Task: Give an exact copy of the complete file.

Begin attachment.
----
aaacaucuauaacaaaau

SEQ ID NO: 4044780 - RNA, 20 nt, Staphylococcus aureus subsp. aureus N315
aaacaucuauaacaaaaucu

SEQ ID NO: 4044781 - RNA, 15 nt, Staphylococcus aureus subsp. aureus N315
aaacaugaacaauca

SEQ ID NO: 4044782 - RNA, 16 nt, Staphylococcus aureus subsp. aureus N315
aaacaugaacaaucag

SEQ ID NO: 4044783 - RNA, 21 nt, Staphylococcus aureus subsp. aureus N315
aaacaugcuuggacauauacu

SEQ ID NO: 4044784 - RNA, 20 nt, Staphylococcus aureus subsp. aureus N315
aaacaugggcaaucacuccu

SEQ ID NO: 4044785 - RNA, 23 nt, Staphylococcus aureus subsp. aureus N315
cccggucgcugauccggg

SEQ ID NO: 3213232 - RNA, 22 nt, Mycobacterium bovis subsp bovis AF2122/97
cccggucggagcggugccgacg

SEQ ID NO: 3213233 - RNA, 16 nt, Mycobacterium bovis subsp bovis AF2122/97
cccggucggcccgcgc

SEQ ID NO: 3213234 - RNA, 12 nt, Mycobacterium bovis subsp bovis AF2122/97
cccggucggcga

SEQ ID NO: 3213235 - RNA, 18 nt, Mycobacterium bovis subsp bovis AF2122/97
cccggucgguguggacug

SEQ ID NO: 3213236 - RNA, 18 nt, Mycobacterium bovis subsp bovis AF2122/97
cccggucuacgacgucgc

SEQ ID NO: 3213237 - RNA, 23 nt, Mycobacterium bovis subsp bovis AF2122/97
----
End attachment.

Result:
aaacaucuauaacaaaau

SEQ ID NO: 4044780 - RNA, 20 nt, Staphylococcus aureus subsp. aureus N315
aaacaucuauaacaaaaucu

SEQ ID NO: 4044781 - RNA, 15 nt, Staphylococcus aureus subsp. aureus N315
aaacaugaacaauca

SEQ ID NO: 4044782 - RNA, 16 nt, Staphylococcus aureus subsp. aureus N315
aaacaugaacaaucag

SEQ ID NO: 4044783 - RNA, 21 nt, Staphylococcus aureus subsp. aureus N315
aaacaugcuuggacauauacu

SEQ ID NO: 4044784 - RNA, 20 nt, Staphylococcus aureus subsp. aureus N315
aaacaugggcaaucacuccu

SEQ ID NO: 4044785 - RNA, 23 nt, Staphylococcus aureus subsp. aureus N315
cccggucgcugauccggg

SEQ ID NO: 3213232 - RNA, 22 nt, Mycobacterium bovis subsp bovis AF2122/97
cccggucggagcggugccgacg

SEQ ID NO: 3213233 - RNA, 16 nt, Mycobacterium bovis subsp bovis AF2122/97
cccggucggcccgcgc

SEQ ID NO: 3213234 - RNA, 12 nt, Mycobacterium bovis subsp bovis AF2122/97
cccggucggcga

SEQ ID NO: 3213235 - RNA, 18 nt, Mycobacterium bovis subsp bovis AF2122/97
cccggucgguguggacug

SEQ ID NO: 3213236 - RNA, 18 nt, Mycobacterium bovis subsp bovis AF2122/97
cccggucuacgacgucgc

SEQ ID NO: 3213237 - RNA, 23 nt, Mycobacterium bovis subsp bovis AF2122/97